New Braunfels Herald Zeitung, November 9, 2000

New Braunfels Herald Zeitung

November 09, 2000

View full page Start A Free Trial!

Issue date: Thursday, November 9, 2000

Pages available: 32

Previous edition: Wednesday, November 8, 2000

Next edition: Friday, November 10, 2000

NewspaperARCHIVE.com - Used by the World's Finest Libraries and Institutions
About New Braunfels Herald ZeitungAbout NewspaperArchive.com

Publication name: New Braunfels Herald Zeitung

Location: New Braunfels, Texas

Pages available: 349,178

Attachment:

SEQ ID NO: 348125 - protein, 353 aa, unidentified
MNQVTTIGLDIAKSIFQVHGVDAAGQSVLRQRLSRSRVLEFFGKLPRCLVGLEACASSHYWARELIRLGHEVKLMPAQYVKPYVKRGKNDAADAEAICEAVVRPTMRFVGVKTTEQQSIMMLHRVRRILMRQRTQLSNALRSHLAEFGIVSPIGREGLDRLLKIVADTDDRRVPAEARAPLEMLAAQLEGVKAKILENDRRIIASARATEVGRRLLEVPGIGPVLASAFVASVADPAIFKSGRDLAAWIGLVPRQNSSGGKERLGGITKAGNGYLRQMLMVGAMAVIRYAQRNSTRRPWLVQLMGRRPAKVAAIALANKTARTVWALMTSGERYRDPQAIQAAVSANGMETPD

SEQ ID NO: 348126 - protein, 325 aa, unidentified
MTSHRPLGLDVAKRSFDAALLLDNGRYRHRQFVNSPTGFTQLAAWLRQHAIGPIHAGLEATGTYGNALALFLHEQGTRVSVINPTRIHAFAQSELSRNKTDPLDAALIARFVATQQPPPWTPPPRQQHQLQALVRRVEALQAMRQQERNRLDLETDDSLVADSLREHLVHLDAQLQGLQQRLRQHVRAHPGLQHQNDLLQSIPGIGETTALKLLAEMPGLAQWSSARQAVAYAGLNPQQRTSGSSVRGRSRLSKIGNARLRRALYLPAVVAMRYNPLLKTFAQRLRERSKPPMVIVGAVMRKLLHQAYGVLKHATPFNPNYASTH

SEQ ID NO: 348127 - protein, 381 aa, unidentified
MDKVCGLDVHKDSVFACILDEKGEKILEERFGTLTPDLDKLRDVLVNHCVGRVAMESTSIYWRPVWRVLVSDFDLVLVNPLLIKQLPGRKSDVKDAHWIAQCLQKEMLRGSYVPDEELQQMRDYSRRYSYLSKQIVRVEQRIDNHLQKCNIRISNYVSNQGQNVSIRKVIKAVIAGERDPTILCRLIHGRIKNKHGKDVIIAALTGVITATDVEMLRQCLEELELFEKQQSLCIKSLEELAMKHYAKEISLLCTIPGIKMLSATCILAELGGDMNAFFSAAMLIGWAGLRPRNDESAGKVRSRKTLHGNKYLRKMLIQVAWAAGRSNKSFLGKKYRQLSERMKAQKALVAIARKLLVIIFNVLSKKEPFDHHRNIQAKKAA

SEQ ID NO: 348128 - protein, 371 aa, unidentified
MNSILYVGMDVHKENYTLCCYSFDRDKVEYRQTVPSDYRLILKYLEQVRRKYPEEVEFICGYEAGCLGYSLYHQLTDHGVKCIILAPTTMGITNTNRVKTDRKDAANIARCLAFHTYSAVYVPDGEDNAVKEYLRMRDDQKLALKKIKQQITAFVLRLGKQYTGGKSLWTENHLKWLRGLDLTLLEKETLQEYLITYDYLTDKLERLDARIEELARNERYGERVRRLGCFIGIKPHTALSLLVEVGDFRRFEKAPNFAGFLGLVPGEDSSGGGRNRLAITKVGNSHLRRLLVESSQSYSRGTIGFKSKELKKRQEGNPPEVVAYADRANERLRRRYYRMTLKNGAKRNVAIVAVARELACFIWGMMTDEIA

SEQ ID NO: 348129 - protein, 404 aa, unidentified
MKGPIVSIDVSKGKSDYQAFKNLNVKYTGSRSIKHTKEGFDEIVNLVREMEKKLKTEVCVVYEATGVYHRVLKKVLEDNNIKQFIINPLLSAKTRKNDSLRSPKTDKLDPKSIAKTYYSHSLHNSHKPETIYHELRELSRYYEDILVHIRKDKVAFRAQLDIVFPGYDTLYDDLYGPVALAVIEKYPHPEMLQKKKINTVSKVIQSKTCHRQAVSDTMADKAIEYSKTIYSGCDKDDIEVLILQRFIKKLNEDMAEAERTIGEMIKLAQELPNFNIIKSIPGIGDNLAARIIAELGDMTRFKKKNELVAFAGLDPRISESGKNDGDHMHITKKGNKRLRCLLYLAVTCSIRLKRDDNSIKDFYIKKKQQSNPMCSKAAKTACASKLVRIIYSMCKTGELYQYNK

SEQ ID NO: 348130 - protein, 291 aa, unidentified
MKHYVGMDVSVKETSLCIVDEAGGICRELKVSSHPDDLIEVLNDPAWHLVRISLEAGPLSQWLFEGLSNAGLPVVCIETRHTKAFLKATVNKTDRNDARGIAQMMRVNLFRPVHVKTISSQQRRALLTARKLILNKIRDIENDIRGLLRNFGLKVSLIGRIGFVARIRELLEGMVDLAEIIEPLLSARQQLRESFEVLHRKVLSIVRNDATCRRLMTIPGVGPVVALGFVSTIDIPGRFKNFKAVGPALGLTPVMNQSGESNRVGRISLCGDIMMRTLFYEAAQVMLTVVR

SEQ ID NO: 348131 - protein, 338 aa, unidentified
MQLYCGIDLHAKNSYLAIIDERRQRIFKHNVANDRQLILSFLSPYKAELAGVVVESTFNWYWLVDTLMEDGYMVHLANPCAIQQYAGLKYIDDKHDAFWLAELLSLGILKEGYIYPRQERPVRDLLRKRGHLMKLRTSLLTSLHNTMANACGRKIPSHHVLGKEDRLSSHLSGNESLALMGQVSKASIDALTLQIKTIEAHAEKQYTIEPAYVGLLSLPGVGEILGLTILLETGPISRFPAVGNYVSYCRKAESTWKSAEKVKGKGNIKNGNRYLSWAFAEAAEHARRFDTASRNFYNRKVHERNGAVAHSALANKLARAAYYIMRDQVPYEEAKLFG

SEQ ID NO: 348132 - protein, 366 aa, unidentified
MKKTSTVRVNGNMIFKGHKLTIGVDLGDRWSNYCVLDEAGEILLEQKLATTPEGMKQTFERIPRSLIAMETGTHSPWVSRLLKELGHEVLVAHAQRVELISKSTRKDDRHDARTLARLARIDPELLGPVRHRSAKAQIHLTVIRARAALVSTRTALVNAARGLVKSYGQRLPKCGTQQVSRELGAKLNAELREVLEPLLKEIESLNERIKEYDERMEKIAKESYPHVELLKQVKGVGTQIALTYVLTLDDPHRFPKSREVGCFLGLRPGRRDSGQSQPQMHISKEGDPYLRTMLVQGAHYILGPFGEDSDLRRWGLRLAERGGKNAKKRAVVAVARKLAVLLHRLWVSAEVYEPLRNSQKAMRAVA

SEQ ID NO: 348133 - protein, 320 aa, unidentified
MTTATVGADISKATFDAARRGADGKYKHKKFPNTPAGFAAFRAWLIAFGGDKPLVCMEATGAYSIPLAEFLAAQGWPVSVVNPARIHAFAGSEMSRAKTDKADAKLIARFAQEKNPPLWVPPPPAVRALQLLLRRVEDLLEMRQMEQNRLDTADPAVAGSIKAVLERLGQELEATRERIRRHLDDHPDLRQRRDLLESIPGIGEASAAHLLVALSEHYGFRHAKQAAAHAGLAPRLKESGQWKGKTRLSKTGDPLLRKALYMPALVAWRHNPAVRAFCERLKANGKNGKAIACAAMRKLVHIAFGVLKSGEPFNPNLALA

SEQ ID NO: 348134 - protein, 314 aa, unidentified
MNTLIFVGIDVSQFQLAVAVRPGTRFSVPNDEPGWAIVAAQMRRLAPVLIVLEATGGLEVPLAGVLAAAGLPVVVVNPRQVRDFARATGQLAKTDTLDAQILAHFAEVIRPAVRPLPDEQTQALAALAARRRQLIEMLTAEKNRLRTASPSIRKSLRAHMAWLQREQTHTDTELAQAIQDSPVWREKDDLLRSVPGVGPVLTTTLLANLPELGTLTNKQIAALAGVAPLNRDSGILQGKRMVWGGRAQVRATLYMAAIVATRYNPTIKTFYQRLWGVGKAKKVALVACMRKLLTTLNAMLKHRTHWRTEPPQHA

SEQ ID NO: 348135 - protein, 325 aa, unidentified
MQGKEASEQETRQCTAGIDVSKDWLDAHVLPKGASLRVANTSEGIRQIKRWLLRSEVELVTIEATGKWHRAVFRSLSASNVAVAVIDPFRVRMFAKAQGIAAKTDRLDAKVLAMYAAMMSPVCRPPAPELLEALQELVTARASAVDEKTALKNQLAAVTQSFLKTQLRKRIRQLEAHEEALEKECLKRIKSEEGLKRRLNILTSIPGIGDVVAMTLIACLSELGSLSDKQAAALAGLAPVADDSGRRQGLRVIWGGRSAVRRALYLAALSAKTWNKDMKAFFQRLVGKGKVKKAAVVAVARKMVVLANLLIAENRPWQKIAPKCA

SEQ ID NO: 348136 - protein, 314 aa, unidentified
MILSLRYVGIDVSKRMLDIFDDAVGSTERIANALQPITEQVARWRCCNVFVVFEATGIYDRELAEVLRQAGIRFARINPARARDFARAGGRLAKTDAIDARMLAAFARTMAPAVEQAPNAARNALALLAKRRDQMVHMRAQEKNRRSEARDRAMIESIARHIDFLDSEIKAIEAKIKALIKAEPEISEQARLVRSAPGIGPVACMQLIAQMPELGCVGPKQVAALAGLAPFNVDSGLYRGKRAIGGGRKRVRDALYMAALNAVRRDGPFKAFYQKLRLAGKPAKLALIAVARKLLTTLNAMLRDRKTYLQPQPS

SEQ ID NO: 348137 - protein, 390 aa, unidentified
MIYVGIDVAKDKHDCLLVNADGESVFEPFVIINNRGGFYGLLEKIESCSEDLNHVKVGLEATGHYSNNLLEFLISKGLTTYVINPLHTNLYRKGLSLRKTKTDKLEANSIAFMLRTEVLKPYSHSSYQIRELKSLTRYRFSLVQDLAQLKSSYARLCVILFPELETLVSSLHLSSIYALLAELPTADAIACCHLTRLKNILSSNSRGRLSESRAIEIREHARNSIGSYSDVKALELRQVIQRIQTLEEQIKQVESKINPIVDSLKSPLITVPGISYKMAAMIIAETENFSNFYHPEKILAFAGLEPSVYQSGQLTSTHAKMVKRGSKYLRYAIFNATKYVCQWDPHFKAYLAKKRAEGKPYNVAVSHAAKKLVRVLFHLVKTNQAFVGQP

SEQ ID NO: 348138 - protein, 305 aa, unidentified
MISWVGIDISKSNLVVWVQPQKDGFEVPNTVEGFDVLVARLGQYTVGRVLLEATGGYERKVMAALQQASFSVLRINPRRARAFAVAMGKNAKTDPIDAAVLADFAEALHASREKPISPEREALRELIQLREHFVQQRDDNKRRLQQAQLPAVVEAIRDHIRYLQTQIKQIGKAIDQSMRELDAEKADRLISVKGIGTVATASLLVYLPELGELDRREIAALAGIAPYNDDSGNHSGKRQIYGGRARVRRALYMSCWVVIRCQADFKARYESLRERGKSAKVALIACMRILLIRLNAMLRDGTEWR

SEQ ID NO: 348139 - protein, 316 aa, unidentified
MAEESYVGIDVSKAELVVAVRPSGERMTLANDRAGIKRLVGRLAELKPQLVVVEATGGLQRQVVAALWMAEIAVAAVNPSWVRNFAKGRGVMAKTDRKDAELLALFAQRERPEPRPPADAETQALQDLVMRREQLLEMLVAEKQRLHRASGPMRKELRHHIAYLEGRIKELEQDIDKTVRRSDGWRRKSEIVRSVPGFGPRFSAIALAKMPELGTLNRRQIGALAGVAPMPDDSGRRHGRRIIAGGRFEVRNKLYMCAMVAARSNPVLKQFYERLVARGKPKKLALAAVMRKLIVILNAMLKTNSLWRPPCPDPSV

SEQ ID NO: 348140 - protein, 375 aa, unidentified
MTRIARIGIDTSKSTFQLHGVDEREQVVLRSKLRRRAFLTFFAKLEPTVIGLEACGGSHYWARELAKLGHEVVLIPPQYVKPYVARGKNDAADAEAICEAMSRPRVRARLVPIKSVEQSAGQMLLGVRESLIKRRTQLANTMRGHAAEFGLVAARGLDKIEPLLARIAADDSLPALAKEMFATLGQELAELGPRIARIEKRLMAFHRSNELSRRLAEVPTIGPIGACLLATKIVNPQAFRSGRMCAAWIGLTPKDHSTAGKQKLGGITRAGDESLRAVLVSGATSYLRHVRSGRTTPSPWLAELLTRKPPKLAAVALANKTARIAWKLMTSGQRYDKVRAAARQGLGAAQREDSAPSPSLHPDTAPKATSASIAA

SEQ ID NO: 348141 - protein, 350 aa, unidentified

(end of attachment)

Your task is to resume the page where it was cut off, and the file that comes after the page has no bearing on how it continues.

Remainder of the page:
Years available: 1952 - 2013

Learn more about this publication
  • 2.18+ billion articles and growing everyday!
  • More than 400 years of papers. From 1607 to today!
  • Articles covering 50 U.S.States + 22 other countries
  • Powerful, time saving search features!
Start your membership to the world's largest newspaper archive now!
Start your genealogy search now!
See with your own eyes the newspapers your great-great grandparents held.

View sample pages : New Braunfels Herald Zeitung, November 09, 2000

All text in the New Braunfels Herald Zeitung November 9, 2000, Page 1.